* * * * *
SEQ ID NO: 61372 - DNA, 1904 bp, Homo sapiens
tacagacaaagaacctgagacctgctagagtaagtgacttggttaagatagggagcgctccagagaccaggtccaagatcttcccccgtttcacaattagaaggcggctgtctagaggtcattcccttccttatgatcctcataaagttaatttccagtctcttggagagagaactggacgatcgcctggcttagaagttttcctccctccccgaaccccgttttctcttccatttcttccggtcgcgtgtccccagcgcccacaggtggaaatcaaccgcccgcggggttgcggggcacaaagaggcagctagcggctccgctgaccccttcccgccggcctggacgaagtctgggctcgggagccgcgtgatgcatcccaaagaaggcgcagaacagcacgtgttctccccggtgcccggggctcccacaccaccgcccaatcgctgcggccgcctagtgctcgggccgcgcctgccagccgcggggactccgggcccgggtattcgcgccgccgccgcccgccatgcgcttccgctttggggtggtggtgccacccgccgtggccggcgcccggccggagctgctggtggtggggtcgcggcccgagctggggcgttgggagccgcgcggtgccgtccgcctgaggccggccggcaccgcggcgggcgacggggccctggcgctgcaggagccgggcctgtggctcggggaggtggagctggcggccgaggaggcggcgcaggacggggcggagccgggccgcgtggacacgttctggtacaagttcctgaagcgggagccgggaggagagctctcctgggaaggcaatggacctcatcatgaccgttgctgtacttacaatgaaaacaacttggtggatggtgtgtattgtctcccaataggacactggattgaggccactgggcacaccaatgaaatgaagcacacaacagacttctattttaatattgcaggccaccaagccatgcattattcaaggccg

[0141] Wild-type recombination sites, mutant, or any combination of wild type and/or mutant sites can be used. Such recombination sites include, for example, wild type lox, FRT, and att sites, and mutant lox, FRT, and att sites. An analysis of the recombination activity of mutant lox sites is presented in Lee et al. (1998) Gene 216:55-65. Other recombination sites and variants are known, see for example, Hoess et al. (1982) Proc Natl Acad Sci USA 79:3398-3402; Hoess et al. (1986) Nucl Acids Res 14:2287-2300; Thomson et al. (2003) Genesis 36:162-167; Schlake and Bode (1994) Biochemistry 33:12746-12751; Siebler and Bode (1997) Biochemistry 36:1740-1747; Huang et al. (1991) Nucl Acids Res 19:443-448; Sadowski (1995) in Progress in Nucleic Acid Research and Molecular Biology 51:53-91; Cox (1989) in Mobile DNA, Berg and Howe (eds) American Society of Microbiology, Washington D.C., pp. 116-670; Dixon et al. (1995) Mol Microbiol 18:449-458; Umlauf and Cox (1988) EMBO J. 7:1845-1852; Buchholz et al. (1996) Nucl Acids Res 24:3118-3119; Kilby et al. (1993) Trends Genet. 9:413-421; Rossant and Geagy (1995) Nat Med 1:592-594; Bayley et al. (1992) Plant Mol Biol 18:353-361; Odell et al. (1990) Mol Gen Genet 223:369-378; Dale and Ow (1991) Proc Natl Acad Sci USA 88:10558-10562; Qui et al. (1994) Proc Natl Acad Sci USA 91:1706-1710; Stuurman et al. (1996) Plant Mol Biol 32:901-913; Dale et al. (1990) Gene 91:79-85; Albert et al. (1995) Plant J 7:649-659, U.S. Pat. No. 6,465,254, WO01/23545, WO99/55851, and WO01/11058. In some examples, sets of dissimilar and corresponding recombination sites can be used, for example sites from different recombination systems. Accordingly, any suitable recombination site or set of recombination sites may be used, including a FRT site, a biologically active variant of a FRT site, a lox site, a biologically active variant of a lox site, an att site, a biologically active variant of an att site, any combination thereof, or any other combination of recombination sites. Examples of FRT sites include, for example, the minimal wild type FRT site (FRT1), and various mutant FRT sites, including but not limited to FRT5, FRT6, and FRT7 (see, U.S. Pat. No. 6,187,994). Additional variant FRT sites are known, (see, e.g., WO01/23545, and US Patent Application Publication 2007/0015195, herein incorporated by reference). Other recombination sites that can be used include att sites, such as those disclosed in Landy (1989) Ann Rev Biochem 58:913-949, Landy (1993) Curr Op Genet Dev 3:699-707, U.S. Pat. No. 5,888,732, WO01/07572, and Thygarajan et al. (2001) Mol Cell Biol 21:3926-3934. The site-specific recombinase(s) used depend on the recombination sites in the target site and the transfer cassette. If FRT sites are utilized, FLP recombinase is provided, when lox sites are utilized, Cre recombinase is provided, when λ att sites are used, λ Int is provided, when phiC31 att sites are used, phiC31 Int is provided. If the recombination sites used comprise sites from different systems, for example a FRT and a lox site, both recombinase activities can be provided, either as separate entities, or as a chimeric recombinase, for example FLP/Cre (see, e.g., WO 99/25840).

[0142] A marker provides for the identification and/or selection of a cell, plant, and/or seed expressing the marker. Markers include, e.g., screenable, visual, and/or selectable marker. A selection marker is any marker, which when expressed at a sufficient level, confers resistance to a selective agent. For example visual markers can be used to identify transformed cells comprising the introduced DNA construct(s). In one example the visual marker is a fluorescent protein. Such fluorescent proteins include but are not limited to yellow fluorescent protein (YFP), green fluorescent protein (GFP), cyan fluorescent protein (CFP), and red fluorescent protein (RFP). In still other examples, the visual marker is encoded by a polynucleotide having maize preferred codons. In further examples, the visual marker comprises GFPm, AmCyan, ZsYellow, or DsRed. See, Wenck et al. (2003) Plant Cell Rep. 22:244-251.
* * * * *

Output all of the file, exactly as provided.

SEQ ID NO: 61372 - DNA, 1904 bp, Homo sapiens
tacagacaaagaacctgagacctgctagagtaagtgacttggttaagatagggagcgctccagagaccaggtccaagatcttcccccgtttcacaattagaaggcggctgtctagaggtcattcccttccttatgatcctcataaagttaatttccagtctcttggagagagaactggacgatcgcctggcttagaagttttcctccctccccgaaccccgttttctcttccatttcttccggtcgcgtgtccccagcgcccacaggtggaaatcaaccgcccgcggggttgcggggcacaaagaggcagctagcggctccgctgaccccttcccgccggcctggacgaagtctgggctcgggagccgcgtgatgcatcccaaagaaggcgcagaacagcacgtgttctccccggtgcccggggctcccacaccaccgcccaatcgctgcggccgcctagtgctcgggccgcgcctgccagccgcggggactccgggcccgggtattcgcgccgccgccgcccgccatgcgcttccgctttggggtggtggtgccacccgccgtggccggcgcccggccggagctgctggtggtggggtcgcggcccgagctggggcgttgggagccgcgcggtgccgtccgcctgaggccggccggcaccgcggcgggcgacggggccctggcgctgcaggagccgggcctgtggctcggggaggtggagctggcggccgaggaggcggcgcaggacggggcggagccgggccgcgtggacacgttctggtacaagttcctgaagcgggagccgggaggagagctctcctgggaaggcaatggacctcatcatgaccgttgctgtacttacaatgaaaacaacttggtggatggtgtgtattgtctcccaataggacactggattgaggccactgggcacaccaatgaaatgaagcacacaacagacttctattttaatattgcaggccaccaagccatgcattattcaaggccg

[0141] Wild-type recombination sites, mutant, or any combination of wild type and/or mutant sites can be used. Such recombination sites include, for example, wild type lox, FRT, and att sites, and mutant lox, FRT, and att sites. An analysis of the recombination activity of mutant lox sites is presented in Lee et al. (1998) Gene 216:55-65. Other recombination sites and variants are known, see for example, Hoess et al. (1982) Proc Natl Acad Sci USA 79:3398-3402; Hoess et al. (1986) Nucl Acids Res 14:2287-2300; Thomson et al. (2003) Genesis 36:162-167; Schlake and Bode (1994) Biochemistry 33:12746-12751; Siebler and Bode (1997) Biochemistry 36:1740-1747; Huang et al. (1991) Nucl Acids Res 19:443-448; Sadowski (1995) in Progress in Nucleic Acid Research and Molecular Biology 51:53-91; Cox (1989) in Mobile DNA, Berg and Howe (eds) American Society of Microbiology, Washington D.C., pp. 116-670; Dixon et al. (1995) Mol Microbiol 18:449-458; Umlauf and Cox (1988) EMBO J. 7:1845-1852; Buchholz et al. (1996) Nucl Acids Res 24:3118-3119; Kilby et al. (1993) Trends Genet. 9:413-421; Rossant and Geagy (1995) Nat Med 1:592-594; Bayley et al. (1992) Plant Mol Biol 18:353-361; Odell et al. (1990) Mol Gen Genet 223:369-378; Dale and Ow (1991) Proc Natl Acad Sci USA 88:10558-10562; Qui et al. (1994) Proc Natl Acad Sci USA 91:1706-1710; Stuurman et al. (1996) Plant Mol Biol 32:901-913; Dale et al. (1990) Gene 91:79-85; Albert et al. (1995) Plant J 7:649-659, U.S. Pat. No. 6,465,254, WO01/23545, WO99/55851, and WO01/11058. In some examples, sets of dissimilar and corresponding recombination sites can be used, for example sites from different recombination systems. Accordingly, any suitable recombination site or set of recombination sites may be used, including a FRT site, a biologically active variant of a FRT site, a lox site, a biologically active variant of a lox site, an att site, a biologically active variant of an att site, any combination thereof, or any other combination of recombination sites. Examples of FRT sites include, for example, the minimal wild type FRT site (FRT1), and various mutant FRT sites, including but not limited to FRT5, FRT6, and FRT7 (see, U.S. Pat. No. 6,187,994). Additional variant FRT sites are known, (see, e.g., WO01/23545, and US Patent Application Publication 2007/0015195, herein incorporated by reference). Other recombination sites that can be used include att sites, such as those disclosed in Landy (1989) Ann Rev Biochem 58:913-949, Landy (1993) Curr Op Genet Dev 3:699-707, U.S. Pat. No. 5,888,732, WO01/07572, and Thygarajan et al. (2001) Mol Cell Biol 21:3926-3934. The site-specific recombinase(s) used depend on the recombination sites in the target site and the transfer cassette. If FRT sites are utilized, FLP recombinase is provided, when lox sites are utilized, Cre recombinase is provided, when λ att sites are used, λ Int is provided, when phiC31 att sites are used, phiC31 Int is provided. If the recombination sites used comprise sites from different systems, for example a FRT and a lox site, both recombinase activities can be provided, either as separate entities, or as a chimeric recombinase, for example FLP/Cre (see, e.g., WO 99/25840).

[0142] A marker provides for the identification and/or selection of a cell, plant, and/or seed expressing the marker. Markers include, e.g., screenable, visual, and/or selectable marker. A selection marker is any marker, which when expressed at a sufficient level, confers resistance to a selective agent. For example visual markers can be used to identify transformed cells comprising the introduced DNA construct(s). In one example the visual marker is a fluorescent protein. Such fluorescent proteins include but are not limited to yellow fluorescent protein (YFP), green fluorescent protein (GFP), cyan fluorescent protein (CFP), and red fluorescent protein (RFP). In still other examples, the visual marker is encoded by a polynucleotide having maize preferred codons. In further examples, the visual marker comprises GFPm, AmCyan, ZsYellow, or DsRed. See, Wenck et al. (2003) Plant Cell Rep. 22:244-251.